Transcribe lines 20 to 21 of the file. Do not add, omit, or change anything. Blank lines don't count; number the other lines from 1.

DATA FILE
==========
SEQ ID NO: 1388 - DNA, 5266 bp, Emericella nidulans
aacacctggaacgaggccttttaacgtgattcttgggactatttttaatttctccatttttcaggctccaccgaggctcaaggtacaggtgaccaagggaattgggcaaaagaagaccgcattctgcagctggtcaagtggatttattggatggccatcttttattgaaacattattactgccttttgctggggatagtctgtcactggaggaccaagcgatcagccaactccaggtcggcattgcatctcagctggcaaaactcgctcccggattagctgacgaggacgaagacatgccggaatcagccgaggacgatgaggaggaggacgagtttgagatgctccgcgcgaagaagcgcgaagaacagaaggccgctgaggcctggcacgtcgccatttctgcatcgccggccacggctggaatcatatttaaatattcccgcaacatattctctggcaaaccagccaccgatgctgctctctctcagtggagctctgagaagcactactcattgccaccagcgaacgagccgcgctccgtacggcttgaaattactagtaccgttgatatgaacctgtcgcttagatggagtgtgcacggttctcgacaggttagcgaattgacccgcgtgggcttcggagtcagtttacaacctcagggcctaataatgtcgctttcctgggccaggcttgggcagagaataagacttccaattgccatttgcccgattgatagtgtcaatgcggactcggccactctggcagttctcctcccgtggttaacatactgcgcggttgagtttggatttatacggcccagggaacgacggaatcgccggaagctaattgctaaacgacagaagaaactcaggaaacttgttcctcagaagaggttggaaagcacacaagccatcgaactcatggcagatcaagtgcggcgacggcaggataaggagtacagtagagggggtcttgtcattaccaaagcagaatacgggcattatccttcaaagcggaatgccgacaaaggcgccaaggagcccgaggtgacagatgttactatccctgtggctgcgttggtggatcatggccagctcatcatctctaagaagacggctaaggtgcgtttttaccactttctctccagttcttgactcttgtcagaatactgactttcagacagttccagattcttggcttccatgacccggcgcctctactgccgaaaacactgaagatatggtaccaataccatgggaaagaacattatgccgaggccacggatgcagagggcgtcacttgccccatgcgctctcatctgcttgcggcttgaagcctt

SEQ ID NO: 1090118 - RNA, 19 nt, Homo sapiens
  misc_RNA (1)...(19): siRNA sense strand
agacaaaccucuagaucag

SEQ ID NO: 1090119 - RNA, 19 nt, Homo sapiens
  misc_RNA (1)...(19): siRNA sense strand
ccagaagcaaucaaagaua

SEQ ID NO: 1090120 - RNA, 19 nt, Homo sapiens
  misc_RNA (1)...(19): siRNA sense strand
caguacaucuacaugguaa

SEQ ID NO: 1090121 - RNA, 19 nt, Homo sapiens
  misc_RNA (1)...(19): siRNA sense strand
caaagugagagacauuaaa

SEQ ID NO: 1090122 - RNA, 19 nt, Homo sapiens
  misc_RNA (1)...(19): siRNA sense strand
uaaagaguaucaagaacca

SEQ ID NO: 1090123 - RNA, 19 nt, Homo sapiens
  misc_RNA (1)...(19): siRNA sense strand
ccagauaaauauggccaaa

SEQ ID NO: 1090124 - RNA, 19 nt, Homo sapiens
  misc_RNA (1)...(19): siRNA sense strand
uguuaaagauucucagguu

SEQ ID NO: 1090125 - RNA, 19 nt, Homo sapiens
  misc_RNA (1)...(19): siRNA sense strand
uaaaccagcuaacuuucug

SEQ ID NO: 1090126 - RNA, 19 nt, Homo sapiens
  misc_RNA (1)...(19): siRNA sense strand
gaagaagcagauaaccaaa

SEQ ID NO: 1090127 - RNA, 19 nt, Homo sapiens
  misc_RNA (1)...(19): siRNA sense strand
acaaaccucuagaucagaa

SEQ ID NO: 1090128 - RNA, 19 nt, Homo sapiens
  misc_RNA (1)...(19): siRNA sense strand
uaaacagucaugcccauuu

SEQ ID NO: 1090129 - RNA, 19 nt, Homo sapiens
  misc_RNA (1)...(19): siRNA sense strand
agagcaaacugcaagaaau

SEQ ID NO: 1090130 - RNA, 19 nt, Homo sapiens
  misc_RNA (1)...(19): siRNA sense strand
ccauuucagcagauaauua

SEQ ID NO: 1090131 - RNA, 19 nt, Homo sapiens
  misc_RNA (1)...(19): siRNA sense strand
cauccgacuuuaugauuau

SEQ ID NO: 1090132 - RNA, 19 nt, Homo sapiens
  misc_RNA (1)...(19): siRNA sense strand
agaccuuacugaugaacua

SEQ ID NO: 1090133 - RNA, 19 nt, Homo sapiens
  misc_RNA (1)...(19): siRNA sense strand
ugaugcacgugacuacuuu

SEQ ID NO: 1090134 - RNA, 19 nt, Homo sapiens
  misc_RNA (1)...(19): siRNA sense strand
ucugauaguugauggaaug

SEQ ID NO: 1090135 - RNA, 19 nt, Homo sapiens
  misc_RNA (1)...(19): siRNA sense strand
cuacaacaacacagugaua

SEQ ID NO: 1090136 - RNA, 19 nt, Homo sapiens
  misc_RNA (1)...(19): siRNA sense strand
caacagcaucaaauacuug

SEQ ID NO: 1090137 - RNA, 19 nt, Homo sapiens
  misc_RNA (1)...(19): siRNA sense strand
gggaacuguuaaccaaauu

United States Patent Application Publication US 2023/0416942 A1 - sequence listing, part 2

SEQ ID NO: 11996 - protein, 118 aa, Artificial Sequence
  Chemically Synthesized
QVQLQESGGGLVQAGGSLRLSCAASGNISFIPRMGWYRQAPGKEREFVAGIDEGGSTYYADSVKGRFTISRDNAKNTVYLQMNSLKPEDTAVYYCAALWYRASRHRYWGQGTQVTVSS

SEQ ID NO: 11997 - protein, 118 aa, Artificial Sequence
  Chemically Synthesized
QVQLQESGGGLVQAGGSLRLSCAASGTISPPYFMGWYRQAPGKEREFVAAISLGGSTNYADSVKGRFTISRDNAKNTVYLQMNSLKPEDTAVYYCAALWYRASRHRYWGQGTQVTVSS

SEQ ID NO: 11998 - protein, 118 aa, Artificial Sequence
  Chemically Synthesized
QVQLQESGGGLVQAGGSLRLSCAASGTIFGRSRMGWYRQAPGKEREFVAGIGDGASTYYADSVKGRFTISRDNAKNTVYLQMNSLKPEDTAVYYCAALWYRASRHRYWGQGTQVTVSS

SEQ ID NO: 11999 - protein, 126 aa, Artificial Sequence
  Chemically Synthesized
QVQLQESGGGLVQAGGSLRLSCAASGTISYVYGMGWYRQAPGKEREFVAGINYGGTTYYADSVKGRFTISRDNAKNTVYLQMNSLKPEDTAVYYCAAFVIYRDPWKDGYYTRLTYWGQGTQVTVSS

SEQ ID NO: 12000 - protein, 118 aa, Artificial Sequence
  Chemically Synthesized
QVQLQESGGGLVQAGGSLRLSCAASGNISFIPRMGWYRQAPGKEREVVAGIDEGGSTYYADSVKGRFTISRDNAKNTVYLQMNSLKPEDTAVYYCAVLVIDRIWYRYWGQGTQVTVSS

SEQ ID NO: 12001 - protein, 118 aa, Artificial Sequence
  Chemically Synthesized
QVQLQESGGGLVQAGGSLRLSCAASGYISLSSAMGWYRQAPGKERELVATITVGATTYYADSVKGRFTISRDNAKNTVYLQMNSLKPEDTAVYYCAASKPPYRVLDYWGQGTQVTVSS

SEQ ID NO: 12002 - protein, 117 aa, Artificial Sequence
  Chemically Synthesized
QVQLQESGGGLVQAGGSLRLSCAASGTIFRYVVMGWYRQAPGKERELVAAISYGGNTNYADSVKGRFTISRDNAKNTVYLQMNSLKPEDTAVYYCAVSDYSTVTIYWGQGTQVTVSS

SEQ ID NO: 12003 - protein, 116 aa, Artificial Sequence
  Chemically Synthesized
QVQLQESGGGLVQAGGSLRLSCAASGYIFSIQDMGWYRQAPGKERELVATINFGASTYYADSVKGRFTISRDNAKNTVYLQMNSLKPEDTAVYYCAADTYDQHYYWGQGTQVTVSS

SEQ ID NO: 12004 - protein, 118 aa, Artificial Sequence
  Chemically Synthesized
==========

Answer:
ccagauaaauauggccaaa

SEQ ID NO: 1090124 - RNA, 19 nt, Homo sapiens